British Museum FTW
It's always fun to find a new source, not least when it's a book written 200 years ago that triggers the search. Americal pioneer chemist and science educator Benjamin Silliman visited London in 1805 and was impressed by what he found at the British Museum (BM) if not by the rushed nature of the visit.
Fast forward 200 years or so and I decided to have a look at the BM website and, in particular, the Collections. I was surprised and delighted to find 183 images credited to the Herdmans. Some are familiar and some are outline sketches but they are an extremely convenient addition to those in Kay Parrot's book (among others) and, of course, various archives, websites and community boards.
It's important to remember that the Herdmans were active 30 or more years after the 5-year stint of the Liverpool & Manchester Railway (L&MR) Company's coach office in Dale Street so much could have changed. However, I doubt that the changes were as profound as those recorded by 1934 which is when the distant aerial view of the corner of Dale Street and Moorfields was taken.
By 1934 the buildings, a hotel and two shops, had been stripped back to their basic red brick. I'd some idea this wasn't true in the 1860s as a picture in Kay's book (also on the BM site) has them mainly in white (maybe paint, maybe stucco) but so small that it's hard to make out any detail. I was delighted then to find an image from the BM looking down Moorfields that provides much better detail.
Images from the BM website are available CC BY-NC-SA 4.0 with higher resolutions available via email post-registration. The collection was acquired with a few sketches by Herdman collaborators and in my view is best browsed using list mode.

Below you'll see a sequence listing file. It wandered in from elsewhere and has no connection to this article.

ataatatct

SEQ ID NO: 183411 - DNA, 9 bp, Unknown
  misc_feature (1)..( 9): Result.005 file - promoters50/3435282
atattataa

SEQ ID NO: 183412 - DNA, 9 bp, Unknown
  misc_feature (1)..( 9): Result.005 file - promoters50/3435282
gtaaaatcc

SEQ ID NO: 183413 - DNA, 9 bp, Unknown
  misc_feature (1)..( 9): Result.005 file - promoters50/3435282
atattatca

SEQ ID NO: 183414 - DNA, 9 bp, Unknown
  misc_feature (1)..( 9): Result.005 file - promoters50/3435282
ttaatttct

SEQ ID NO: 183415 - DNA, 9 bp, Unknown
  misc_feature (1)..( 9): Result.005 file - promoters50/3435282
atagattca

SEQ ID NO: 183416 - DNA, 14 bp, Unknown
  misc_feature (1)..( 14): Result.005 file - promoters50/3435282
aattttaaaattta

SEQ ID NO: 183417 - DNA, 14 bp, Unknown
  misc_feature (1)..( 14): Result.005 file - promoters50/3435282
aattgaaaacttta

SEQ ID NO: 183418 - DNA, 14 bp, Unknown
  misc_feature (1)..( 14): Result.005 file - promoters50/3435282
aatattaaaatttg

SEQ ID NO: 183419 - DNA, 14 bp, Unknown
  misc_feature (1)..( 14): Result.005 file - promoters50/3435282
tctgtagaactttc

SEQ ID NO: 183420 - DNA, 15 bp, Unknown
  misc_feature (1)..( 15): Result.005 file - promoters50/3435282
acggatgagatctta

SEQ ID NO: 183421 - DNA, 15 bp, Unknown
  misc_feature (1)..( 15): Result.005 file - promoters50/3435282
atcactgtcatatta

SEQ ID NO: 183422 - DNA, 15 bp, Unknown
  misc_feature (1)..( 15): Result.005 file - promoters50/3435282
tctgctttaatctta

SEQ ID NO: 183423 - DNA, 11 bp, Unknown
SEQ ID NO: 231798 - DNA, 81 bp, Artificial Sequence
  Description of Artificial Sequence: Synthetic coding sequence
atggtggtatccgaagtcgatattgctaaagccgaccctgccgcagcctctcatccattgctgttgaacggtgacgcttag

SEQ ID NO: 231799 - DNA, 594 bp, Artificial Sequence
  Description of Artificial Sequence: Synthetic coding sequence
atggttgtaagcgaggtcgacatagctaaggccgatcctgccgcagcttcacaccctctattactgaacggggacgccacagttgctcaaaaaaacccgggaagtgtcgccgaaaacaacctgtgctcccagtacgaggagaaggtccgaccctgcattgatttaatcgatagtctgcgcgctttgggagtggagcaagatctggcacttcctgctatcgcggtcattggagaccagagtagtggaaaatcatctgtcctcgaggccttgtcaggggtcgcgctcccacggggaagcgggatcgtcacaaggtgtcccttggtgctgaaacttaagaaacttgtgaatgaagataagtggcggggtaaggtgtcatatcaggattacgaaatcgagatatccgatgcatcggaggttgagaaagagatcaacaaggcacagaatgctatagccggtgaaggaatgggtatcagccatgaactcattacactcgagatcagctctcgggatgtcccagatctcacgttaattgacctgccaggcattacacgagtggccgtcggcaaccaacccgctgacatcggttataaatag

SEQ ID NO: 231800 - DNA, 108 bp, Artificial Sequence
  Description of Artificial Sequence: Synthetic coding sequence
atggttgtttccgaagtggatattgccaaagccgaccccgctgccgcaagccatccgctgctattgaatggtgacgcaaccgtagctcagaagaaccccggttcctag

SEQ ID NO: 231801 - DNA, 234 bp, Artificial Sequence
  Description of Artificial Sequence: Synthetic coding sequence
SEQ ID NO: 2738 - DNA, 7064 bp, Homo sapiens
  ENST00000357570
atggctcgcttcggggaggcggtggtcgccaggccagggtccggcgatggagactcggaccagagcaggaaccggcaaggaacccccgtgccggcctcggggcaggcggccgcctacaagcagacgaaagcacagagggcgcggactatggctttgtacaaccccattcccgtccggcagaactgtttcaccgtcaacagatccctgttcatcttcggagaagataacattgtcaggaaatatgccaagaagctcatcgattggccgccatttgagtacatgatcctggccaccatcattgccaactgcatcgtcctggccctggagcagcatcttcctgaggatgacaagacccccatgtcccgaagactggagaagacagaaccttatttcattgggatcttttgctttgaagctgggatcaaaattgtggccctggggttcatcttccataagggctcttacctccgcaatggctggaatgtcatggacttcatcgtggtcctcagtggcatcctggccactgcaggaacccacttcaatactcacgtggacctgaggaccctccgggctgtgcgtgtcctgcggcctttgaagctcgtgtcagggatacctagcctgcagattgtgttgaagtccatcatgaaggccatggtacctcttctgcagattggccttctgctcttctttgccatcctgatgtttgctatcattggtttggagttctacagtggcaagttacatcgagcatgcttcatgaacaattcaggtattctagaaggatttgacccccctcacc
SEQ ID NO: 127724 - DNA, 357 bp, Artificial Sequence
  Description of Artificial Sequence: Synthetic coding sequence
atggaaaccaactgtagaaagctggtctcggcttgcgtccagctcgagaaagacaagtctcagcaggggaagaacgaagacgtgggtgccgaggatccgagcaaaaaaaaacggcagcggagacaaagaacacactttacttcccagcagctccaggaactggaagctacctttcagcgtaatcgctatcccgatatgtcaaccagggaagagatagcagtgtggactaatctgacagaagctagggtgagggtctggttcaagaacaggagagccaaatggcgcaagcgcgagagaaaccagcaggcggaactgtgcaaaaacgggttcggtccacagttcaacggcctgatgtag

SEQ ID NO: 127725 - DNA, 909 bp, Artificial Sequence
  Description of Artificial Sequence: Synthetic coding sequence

What does the 1858 Moorfields image tell us?
Firstly I'm sticking to the idea that the coach office was in the middle of the Dale Street block (described as "adjoining" in the hotel's adverts) although we now see evidence of a third shop within the hotel itself that is accessed via Dale Street. The main entrance to the hotel is now a much grander affair in Moorfields and the hotel is much more regal as befits the name Eastwood's Royal Hotel (although the image shows it now owned by Powell). The hotel is notably absent from the 1824 map.
The hypothetical coach office is now a stationers although it is unclear whether it encompasses both shops. It was a hardware store originally and subsequently a drapers after the L&MR moved to Lime Street. The original OpenSim store was loosely modelled on hardware stores in nearby Stanley Street which were less refined than the one we see here. Of course, it's hard to know precisely how 1858 relates to 1830 but I think the more up-market appearance would have been a selling-point for the premium clients the L&MR was hoping to attract. I am guessing, however, that the hotel did not sub-let to other businesses initially and that the addition of the shop took place post-1836.
Important update: According to the book The Liverpool & Manchester Railway by RHG Thomas, the coaching office was located in rather than (as per adverts) adjoining the hotel. That suggests that the previous two paragraph are incorrect and that the office was probably the space sub-let. The book by Thomas was published in 1980 and I have only just obtained a copy. It is the most detailed and authoritative account I have seen.
[Update: Although its purpose almost certainly changed, a photo shows that the hotel appears to have survived at least until 1955 (Moorfields in general seems to have changed remarkably little over that timeframe)]
I have no idea why I didn't find this sooner but at least I'm glad I found it now. Is there another repository of Herdmans I've not seen? I will modify the build in due course and add an image here. It goes without saying that the pictures will be immensely useful for new builds.
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